For the last week I’ve been at it working on my fermentation chamber. It’s taken longer than I anticipated, a lot of the issues cropped up in my assembly method. I think if I were to do this again, I would do a few changes to the actual wood frame of the chamber.
One thing I should have mentioned with this project is the following.
If you’re not familiar working with high voltage electricity or don’t have experience, do not attempt this project. This project deals with high voltage electricity and there is a potential for electrocution if you don’t know what you’re doing.
Consult an expert or training sources for working safely with high voltage electricity if you’re unfamiliar with safe practices.
Building the Box
The last couple of posts were about getting some of the materials ready together for the setup. Now we start building! To see the general design, go to the previous post to see a CAD model.
First thing I did was remove the door from the fridge and give the inside a good clean. It took a little elbow grease, but it’s looking good to go.
The next step was to start making the cuts for the overall chamber. I had to make a few adjustments to my design in order to make sure I could make all the cuts on one sheet of plywood. I made a few mistakes, I’ve detailed them below.
After making the cuts, piece by piece I put the box together. I attached the side to the bottom of the base to try and test fit everything before I cut the foam out. See the design issues section for issues I ran into. I used some MDF board I had for the front (I didn’t have enough Plywood)
The last remaining piece of the enclosure was cutting the door and getting the hinges put on. I had to follow the same procedure I did for the back side, lying the fridge on it side making sure the top of the sheet was aligned with the top of the fridge. I made sure the door was wide enough to allow for a carboy to fit inside.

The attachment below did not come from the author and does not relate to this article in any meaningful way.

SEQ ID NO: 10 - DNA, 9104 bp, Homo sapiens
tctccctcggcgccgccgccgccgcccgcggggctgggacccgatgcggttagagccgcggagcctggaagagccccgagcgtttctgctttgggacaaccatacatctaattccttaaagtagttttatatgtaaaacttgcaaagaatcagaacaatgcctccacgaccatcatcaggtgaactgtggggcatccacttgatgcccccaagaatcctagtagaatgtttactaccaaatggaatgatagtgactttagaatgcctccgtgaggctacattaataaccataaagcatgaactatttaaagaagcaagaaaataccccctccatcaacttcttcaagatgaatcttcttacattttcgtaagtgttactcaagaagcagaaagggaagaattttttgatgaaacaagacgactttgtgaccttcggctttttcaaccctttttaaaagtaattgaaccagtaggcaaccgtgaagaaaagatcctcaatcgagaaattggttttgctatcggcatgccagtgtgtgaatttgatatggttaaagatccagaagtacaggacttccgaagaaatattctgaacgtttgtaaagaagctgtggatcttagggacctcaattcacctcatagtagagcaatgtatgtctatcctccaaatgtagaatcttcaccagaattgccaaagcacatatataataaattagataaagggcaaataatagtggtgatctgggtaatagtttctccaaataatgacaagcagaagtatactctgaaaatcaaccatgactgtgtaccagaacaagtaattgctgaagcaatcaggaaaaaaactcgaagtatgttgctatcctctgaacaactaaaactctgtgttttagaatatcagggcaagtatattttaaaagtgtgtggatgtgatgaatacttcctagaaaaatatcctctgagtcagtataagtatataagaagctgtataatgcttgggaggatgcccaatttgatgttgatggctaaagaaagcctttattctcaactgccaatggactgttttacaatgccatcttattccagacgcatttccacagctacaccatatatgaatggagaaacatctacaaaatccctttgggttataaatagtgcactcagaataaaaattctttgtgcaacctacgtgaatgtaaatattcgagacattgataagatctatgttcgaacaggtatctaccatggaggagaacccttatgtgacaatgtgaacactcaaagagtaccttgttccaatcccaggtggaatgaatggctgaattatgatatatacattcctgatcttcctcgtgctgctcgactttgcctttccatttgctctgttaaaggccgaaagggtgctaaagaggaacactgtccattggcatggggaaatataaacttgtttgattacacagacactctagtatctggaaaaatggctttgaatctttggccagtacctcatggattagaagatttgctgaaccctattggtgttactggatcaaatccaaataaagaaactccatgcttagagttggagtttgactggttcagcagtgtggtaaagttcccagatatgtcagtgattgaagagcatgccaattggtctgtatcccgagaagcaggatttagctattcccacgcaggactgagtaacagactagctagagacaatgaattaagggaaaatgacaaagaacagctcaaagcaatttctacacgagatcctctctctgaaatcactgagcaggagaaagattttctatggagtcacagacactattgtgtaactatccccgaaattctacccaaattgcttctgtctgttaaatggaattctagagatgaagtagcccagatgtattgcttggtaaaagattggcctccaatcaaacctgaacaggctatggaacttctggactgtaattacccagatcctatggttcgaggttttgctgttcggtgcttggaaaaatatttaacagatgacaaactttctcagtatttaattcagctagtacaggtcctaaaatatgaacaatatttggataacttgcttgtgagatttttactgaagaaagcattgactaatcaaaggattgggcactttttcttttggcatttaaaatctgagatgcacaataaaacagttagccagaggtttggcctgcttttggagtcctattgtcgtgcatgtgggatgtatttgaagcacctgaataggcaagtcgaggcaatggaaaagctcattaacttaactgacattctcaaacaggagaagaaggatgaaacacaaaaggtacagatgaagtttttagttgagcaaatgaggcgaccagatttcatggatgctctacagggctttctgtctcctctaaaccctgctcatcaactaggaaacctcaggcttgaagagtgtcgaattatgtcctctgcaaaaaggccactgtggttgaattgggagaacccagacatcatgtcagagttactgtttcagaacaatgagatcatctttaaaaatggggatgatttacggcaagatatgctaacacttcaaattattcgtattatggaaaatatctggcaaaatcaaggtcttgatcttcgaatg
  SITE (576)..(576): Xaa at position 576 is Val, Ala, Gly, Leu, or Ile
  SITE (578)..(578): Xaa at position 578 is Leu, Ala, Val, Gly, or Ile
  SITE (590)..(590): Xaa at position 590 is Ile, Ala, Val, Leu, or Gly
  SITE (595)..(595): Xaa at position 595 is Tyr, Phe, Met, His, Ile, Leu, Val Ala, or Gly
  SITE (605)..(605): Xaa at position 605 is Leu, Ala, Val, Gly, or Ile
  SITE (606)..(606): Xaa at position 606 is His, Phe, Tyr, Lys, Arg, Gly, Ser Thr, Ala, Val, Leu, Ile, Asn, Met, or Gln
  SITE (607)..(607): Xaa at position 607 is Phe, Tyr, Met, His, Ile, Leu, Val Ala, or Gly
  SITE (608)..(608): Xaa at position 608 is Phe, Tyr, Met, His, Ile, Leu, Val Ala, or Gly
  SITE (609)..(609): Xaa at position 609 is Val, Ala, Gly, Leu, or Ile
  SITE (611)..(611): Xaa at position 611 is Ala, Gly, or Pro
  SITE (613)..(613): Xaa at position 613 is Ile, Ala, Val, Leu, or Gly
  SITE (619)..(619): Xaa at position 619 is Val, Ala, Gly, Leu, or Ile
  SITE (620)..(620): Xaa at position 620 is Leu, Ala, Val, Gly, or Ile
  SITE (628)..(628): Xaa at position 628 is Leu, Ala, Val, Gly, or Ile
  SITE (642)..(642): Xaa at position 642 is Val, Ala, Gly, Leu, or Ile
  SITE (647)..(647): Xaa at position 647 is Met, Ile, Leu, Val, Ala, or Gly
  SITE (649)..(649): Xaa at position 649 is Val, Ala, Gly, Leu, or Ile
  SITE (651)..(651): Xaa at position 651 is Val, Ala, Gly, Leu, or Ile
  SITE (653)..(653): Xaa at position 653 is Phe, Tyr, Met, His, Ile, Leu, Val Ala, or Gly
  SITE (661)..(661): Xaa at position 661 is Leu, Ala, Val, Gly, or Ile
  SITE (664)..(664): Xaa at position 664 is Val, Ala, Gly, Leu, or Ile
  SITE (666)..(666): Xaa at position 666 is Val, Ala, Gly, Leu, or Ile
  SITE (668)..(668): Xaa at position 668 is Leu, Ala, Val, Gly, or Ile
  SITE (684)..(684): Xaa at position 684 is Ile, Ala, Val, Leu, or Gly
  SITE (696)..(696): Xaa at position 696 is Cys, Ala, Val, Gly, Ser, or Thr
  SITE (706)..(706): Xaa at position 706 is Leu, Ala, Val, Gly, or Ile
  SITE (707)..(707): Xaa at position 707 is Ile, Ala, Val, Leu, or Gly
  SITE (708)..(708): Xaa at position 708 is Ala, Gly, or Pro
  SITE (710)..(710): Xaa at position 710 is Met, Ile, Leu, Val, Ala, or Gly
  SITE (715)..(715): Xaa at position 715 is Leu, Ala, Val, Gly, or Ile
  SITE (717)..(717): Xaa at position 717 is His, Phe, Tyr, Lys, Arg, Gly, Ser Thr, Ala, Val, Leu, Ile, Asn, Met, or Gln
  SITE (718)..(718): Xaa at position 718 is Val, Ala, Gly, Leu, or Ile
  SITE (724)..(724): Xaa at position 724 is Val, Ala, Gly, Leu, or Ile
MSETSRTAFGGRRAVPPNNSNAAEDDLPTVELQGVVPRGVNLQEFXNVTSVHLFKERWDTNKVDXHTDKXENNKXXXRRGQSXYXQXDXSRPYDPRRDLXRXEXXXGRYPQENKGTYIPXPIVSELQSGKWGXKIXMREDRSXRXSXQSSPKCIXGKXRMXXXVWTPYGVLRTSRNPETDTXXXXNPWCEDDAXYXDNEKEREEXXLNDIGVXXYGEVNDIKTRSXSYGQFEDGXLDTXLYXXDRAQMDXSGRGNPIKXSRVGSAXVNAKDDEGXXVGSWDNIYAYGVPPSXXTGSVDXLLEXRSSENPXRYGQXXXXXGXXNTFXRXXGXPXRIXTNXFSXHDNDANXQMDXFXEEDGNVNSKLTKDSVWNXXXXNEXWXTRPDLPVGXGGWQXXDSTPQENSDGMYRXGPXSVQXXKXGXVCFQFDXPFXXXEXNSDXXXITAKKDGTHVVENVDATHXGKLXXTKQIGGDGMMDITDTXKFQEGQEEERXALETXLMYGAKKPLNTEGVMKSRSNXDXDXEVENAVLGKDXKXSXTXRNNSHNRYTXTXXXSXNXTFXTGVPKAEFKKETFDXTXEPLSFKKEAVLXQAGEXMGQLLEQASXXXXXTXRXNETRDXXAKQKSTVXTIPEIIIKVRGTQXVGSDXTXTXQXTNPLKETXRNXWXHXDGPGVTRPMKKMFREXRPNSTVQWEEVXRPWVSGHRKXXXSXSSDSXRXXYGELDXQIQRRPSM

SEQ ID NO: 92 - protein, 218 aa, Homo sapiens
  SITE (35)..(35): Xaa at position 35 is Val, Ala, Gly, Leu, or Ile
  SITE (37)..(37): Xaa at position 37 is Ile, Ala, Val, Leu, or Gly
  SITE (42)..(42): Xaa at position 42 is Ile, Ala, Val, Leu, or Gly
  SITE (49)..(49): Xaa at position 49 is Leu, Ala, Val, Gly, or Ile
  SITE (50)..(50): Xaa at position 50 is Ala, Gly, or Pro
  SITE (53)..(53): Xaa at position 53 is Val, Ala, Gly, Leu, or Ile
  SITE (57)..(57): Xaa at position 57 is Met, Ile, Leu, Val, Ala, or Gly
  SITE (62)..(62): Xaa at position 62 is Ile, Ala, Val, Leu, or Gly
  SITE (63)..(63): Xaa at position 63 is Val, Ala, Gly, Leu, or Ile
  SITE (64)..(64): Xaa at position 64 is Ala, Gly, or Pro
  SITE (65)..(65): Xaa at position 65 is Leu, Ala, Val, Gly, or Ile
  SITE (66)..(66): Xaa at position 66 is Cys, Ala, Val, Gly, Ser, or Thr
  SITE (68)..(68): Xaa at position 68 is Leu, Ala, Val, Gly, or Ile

I cut the door to have the edge slightly overlap the side of the fridge. I thought a lot about the best way to cut the door as I wanted to ensure that when I closed the door I got a good seal with the side of the fridge and the foam I put on the inside of the door. I still have to cut these pieces, the edges on the doors will be the two edges that aren’t fully taped and sealed.
Foam Cutting Time
Once I had my plywood sections cut, I wanted to try and get my foam sections cut before I installed the front and made a door. I have 1 1/2″ pink foam board for the inside insulation.
I quickly realized that cutting 1 1/2″ foam board with an exacto knife isn’t the easiest thing. The solution: a foam cutter with a hot knife. An Amazon purchase and 2 days later, I had a hot knife.
I cut the bottom sheet a little small, so I’ll need to cut a thin piece to fill in the gaps, the gap to where the door will sit is too wide to just seal it with caulk.
After the side pieces were cut and checked for fit, it was time to start the wiring process.
Preparing the Wiring Box
In my past entry, I was a schematic that detailed how to connect the fridge and the heating lamp to the Arduino and Raspberry Pi. Since I wanted to minimize the number of holes going in and out of the box, I cut out a section for the outlet that would power the fridge and heating lamp.
I wanted to check and see that the wiring was at least functioning before I put everything in place. I did a test trial to see if the fridge would come on when the software requested power.